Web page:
Sheriff Arpaio admits violating court order in profiling suit

Sheriff Joe Arpaio, known for crackdowns on illegal immigration, has acknowledged that he violated a court order in a profiling case.

Sheriff Joe Arpaio, known for crackdowns on illegal immigration, has acknowledged that he violated a court order in a profiling case.

(Ross D. Franklin / Associated Press)

Joe Arpaio, the outspoken Arizona sheriff who often touted his get-tough approach to combating illegally immigration, has admitted that he violated a federal judge’s orders to stop detaining people simply because of a suspicion they may be in the country illegally.

The admission, which comes one month before the Maricopa County lawman was scheduled to appear in court, appears to be an attempt to avoid an evidentiary hearing in which Arpaio and other officers could be called to testify.

In a court filing, attorneys for Arpaio and Chief Deputy Jerry Sheridan said such a hearing would now be unnecessary, in addition to costing “county taxpayers hundreds of thousands of dollars.”


Arpaio and Sheridan “acknowledge and appreciate that they have violated the Court’s orders and that there are consequences for these violations,” their attorneys said in court papers filed late Tuesday.

The violations include failing to disclose all required information in pretrial proceedings and failing to follow the court’s 2014 order to “quietly” collect audio and video recording devices from deputies, according to court filings.

U.S. District Judge Murray Snow’s ruling in May 2013 found Arpaio’s practices relied heavily on ethnicity, violating the Constitution’s 4th and 14th Amendments. The 4th Amendment guards against unreasonable search and seizure; the 14th Amendment guarantees equal protection under the law.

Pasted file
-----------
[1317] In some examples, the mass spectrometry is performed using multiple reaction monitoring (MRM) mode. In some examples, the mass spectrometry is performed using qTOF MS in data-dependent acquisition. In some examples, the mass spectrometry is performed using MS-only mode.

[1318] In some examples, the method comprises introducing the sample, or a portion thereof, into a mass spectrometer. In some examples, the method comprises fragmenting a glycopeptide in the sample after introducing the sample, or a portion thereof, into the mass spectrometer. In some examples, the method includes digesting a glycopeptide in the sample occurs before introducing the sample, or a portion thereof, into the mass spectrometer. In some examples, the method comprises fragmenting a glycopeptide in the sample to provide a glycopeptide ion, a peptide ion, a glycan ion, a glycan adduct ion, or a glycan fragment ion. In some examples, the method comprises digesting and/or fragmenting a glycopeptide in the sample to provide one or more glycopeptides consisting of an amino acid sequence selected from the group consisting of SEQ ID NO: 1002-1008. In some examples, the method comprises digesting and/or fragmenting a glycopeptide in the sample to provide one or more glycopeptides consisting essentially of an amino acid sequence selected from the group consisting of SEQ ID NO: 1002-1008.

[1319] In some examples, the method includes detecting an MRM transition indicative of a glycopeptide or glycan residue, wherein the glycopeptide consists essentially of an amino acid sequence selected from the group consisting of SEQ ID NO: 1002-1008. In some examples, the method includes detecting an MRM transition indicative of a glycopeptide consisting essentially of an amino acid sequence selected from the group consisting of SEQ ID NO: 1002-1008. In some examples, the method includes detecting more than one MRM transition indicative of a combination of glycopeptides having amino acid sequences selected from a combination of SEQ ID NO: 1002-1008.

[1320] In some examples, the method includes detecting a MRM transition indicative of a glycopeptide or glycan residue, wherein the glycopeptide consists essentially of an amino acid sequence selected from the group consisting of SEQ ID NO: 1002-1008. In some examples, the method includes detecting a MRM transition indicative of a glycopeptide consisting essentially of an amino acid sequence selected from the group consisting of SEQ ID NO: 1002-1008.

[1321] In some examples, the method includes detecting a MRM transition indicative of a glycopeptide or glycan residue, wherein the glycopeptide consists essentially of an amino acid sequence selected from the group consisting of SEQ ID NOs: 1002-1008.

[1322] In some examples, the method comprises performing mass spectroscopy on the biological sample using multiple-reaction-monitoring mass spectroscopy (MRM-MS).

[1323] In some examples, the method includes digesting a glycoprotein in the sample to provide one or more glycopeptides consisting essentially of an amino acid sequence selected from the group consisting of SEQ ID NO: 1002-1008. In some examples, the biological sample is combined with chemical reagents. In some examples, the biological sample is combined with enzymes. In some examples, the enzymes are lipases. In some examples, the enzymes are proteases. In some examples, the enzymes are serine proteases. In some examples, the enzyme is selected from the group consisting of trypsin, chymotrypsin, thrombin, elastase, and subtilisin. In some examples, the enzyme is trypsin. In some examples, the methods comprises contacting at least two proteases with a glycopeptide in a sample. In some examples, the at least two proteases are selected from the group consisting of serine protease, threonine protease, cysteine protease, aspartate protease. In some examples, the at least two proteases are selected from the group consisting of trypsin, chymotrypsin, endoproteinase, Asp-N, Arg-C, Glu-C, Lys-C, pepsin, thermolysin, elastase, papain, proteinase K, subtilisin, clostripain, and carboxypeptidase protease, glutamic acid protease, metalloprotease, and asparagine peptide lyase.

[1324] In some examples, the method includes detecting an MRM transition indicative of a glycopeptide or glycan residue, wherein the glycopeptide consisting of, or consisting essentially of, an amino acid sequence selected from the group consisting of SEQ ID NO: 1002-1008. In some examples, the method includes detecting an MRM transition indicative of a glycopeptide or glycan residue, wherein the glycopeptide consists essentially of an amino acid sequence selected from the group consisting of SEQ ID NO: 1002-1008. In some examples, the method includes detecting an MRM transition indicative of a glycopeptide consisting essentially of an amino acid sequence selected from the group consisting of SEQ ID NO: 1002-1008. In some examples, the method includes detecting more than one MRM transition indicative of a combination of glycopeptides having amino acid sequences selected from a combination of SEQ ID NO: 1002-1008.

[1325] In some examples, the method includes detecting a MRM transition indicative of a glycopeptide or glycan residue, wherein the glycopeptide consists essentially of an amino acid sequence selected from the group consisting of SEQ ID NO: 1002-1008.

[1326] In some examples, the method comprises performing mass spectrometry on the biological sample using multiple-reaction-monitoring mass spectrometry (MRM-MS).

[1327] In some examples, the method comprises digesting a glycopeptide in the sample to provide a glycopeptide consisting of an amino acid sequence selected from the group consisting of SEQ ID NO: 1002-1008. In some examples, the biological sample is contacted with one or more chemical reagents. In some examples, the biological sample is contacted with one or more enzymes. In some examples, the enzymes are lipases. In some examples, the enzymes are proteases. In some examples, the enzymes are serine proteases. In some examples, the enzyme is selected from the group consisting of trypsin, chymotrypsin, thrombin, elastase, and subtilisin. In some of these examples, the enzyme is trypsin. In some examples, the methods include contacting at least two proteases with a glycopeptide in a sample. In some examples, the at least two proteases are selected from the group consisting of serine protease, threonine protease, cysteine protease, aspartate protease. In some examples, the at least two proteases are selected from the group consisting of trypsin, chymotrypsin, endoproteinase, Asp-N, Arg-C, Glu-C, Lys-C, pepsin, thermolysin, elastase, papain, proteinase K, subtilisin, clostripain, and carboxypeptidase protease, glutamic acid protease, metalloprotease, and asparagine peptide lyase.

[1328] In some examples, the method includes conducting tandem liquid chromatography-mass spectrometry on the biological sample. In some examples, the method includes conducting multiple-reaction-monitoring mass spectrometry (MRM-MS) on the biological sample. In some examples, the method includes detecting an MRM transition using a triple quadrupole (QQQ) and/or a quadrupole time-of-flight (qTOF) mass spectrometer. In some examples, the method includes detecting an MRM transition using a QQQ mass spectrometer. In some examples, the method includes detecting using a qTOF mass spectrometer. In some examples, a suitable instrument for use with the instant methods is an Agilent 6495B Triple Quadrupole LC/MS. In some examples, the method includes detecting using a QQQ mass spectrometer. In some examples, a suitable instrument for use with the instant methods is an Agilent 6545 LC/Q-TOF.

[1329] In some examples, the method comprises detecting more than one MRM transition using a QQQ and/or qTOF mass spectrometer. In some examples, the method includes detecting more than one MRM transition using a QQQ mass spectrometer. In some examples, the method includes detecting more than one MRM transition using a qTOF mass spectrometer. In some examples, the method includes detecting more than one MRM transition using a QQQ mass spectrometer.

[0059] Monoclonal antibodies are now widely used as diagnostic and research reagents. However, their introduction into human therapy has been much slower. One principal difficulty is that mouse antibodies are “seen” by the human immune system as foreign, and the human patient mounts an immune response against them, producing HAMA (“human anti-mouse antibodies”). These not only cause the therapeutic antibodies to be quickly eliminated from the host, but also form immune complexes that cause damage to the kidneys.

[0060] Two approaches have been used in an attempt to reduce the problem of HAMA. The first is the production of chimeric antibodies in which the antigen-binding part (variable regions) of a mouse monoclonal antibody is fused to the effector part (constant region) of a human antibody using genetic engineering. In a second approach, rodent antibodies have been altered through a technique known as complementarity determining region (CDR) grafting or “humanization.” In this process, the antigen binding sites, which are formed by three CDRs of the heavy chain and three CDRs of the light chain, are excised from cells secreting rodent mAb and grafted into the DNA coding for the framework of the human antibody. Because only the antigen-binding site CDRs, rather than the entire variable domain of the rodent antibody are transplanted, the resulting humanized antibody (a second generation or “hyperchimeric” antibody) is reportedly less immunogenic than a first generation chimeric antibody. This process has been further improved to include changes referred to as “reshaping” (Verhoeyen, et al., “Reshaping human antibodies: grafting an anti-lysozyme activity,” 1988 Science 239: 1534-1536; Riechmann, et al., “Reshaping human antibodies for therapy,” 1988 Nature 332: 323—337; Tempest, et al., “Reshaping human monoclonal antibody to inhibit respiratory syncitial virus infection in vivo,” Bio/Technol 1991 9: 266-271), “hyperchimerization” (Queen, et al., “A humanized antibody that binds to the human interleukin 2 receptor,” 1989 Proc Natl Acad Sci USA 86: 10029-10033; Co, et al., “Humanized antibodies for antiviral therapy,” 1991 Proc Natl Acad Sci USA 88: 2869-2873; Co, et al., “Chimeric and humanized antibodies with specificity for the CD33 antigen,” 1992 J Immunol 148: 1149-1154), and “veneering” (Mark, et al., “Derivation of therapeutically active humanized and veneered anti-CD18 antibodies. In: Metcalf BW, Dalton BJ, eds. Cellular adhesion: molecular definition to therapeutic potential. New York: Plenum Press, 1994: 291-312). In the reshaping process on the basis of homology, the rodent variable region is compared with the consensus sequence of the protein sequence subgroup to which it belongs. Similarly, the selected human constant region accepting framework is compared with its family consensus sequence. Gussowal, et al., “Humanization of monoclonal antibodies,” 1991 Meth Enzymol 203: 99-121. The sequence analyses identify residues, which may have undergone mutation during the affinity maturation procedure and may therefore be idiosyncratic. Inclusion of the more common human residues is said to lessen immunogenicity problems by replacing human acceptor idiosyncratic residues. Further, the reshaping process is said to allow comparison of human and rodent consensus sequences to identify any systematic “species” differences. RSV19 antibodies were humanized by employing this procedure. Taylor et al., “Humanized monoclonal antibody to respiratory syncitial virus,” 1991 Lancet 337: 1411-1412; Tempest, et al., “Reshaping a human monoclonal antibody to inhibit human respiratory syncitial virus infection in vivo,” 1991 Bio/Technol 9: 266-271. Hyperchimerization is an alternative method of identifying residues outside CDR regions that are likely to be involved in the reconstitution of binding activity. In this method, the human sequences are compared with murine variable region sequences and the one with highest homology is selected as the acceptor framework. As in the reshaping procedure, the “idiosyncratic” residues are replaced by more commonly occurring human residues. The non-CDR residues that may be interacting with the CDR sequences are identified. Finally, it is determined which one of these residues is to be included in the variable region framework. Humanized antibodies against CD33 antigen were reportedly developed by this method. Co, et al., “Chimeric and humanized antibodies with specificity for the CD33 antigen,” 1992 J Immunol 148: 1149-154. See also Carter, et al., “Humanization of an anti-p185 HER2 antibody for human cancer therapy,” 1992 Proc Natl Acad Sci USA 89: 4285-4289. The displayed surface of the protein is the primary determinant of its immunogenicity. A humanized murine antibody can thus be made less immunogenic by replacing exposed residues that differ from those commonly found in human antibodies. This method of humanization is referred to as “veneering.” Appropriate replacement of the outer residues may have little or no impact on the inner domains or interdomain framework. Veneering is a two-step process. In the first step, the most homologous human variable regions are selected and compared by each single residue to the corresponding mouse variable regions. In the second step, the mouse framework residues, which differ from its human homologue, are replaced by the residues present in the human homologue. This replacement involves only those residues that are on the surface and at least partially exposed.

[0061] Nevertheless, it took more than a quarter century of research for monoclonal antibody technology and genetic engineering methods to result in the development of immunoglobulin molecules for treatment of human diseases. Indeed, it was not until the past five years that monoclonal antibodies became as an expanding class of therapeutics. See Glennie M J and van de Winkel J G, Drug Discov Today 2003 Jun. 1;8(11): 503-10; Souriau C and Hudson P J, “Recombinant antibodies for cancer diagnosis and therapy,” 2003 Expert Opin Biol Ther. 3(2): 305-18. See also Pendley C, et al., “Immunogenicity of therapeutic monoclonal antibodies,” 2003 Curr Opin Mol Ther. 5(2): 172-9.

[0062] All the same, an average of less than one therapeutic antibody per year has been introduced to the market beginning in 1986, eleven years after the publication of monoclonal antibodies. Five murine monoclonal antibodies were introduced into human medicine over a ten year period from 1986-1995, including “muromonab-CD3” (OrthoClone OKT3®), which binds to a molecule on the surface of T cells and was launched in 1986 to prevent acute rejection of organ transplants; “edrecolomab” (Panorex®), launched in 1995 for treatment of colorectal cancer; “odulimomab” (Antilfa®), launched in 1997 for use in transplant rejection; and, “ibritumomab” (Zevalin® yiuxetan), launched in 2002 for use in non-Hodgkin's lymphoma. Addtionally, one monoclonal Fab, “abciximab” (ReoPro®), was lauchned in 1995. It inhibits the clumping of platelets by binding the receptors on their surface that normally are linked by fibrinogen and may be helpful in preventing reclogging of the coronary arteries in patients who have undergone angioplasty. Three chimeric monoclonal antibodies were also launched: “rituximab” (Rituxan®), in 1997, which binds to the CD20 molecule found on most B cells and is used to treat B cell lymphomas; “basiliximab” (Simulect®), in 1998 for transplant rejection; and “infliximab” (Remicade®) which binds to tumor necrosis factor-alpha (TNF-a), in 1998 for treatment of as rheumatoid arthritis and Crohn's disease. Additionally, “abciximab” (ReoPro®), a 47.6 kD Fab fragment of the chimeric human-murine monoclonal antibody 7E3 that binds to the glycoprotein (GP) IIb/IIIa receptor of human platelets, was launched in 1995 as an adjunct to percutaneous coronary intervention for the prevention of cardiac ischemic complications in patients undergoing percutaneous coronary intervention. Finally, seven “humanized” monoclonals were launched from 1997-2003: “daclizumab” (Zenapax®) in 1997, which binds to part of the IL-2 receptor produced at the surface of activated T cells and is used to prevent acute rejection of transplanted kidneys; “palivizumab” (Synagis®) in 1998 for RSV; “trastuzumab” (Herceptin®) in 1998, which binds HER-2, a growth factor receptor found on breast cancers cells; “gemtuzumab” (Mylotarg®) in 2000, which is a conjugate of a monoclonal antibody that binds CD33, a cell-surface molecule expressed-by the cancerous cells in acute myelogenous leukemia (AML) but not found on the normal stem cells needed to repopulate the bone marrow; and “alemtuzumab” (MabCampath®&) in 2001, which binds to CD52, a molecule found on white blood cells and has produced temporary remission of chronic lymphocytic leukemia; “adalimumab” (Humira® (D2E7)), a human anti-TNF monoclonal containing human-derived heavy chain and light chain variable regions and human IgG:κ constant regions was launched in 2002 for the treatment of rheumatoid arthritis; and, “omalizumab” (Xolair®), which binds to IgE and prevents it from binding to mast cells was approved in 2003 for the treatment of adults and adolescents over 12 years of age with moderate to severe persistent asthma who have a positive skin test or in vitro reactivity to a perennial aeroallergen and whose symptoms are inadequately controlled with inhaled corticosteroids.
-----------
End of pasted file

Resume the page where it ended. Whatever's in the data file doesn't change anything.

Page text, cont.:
In his ruling, Snow noted that deputies frequented places where day laborers gather. In four day-labor sweeps he cited, none of the 35 people arrested were detained for violation of state or local laws, and all were passengers in vehicles, not drivers.

Maricopa County is home to Arizona’s biggest city, Phoenix, and has significant Latino and immigrant populations.

Arpaio and Sheridan are willing to personally pay for the violation, court records show. The pair offered to pay $100,000 to a Latino civil rights organization approved by the court and will also request $350,000 from Maricopa County to compensate victims.

In addition, Arpaio will “personally accept responsibility for himself and for the Maricopa County Sheriff’s Office” and apologize to the plaintiffs and the court.

“There is nothing defendants can do to change what has already been done,” court documents say. “Defendants can express sincere remorse to the court and to plaintiffs, begin to make amends to those who have been injured and take affirmative steps to ensure nothing like this occurs in the future.”

Jessica Karp Bansal, litigation director for the National Day Laborer Organizing Network, said in a statement that Arpaio’s department “blatantly violated” the civil rights of Maricopa County residents for years. The group is suing Arpaio in another case concerning workplace raids.

“Today’s admission comes too late to help many of those who have been deported as a result of his racial profiling,” she said. “But it signals a long-delayed recognition, spurred by years of organizing and advocacy by the very people he sought to terrorize, that no one -- not even the sheriff -- is above the law.”

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